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Used MS Office 2003 since 2003 and never have had trouble
by mikethaler / May 6, 2012 6:47 AM PDT
In reply to: Of Course!

Never have trouble reading docs people send created by new versions. I send them docs I create and never have had a negative response.

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So have I...
by btljooz / May 6, 2012 8:40 AM PDT

"Used MS Office 2003 since 2003" BUT I have had problems opening certain documents from newer versions of MS Office to the point that I've been extremely thankful that I also have Open Office installed, too. I think it quite possible that the reason that you have "never had any trouble" is because those sending you documents realized that those recieving those documents may not have had a newer version of Office and, therefore, saved them as .docs rather than .docxs .

Case in point: A friend once sent me some .docxs which I could NOT open with my MS Word but OO Writer opened them just fine. After I figured out what was going on, I then saved them in .doc format with the OO Writer and then could open them with MS Word, too. (I, initially, had thought that there may have been some sort of corruption of my MS Office installation and was very relieved when I found that that was not the case.) After my friend found out about my problems they simply saved the documents I was working with for them as .docs instead of .docxs in order that we could both deal with them in MS Word. This was so that the formatting in those documents wouldn't be messed up like the slight incompatibility between Writer and Word can cause at certain times.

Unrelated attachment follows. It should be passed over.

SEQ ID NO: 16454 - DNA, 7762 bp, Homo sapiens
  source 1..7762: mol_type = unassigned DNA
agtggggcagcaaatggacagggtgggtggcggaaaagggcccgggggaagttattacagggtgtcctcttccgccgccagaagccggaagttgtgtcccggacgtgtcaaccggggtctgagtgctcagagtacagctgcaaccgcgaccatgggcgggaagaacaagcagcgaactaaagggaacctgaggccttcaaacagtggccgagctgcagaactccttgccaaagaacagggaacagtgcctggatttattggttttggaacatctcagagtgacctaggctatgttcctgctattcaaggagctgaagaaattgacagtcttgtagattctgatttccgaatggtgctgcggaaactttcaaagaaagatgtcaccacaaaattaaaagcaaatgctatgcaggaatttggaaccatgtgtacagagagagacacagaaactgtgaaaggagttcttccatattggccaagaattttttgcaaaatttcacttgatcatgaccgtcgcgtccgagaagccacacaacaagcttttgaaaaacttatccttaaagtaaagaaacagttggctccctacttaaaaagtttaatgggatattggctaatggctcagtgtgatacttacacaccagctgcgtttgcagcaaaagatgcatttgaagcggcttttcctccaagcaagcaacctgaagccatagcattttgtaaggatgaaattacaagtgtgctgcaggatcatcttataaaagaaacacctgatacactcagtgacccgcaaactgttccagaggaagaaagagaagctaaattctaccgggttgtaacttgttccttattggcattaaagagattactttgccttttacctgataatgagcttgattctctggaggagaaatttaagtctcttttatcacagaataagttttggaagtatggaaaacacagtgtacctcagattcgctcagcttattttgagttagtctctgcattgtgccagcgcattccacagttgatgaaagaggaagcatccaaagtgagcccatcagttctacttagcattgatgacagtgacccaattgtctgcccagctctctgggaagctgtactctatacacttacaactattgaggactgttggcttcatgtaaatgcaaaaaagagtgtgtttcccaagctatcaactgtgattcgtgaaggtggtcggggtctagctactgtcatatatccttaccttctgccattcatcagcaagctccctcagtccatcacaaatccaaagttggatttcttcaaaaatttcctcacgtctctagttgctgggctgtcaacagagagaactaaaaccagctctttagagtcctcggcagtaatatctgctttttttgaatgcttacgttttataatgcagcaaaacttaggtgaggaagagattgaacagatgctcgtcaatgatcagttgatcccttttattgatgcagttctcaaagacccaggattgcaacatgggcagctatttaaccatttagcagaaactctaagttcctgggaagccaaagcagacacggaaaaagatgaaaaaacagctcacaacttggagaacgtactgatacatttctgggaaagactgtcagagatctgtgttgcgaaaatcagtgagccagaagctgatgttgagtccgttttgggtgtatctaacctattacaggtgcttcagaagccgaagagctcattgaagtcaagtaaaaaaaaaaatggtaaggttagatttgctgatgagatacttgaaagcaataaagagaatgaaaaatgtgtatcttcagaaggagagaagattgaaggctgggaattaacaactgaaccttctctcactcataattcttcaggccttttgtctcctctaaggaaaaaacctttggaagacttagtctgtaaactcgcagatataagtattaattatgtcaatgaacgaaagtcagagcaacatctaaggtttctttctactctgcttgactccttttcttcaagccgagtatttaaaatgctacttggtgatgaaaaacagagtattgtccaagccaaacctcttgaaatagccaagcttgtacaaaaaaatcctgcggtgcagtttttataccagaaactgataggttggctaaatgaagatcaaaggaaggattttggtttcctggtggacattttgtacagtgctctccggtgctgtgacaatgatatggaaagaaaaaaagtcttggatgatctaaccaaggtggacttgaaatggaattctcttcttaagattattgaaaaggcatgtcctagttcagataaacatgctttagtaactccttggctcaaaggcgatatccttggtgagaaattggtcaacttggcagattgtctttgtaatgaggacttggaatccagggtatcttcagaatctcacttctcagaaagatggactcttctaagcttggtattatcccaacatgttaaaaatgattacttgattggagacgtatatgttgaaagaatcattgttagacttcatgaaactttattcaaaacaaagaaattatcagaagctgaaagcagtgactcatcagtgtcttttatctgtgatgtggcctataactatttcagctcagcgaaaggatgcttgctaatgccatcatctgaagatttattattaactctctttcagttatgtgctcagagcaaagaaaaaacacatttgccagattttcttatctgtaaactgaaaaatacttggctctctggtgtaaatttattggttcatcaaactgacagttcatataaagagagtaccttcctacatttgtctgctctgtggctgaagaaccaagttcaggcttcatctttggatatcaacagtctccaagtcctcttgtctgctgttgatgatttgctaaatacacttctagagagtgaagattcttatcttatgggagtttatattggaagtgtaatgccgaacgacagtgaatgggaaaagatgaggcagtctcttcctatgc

So, some time when you have the inclination see if you can actually open a .docx with your MS Word 2003. Wink

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practical alternative to MS Windows
by mal_aus / May 6, 2012 3:30 PM PDT
In reply to: Of Course!

No need for Microsoft at all. Alternative OS's are Linux and Mac and there are probably others about. Unfortunately a move to Mac also locks you into their stuff to a large extent. But there's also lots of stuff about that replaces all of the MS software and most of it's free as is Linux.

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Would you consider ditching Microsoft Word for Google Docs?
by CobraII / May 1, 2012 10:33 AM PDT

NO because I don't use MS word any way.

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Open Office suits me
by llucyy / May 1, 2012 10:50 AM PDT

I have been using free open Office for ages and I get Powerpoint, Word, Excel, Publisher clones all OK for nix!

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Trusting Google Docs?
by Aoman / May 1, 2012 10:57 AM PDT

Trusting Google Docs?

That's why it is called "Cloud Nine."

Trusting my words to the security of Google Docs would be like trusting the virtue of my virgin teen age daughter to the madam of the whorehouse down on the corner of Fourth and Market Streets.

Earlaiman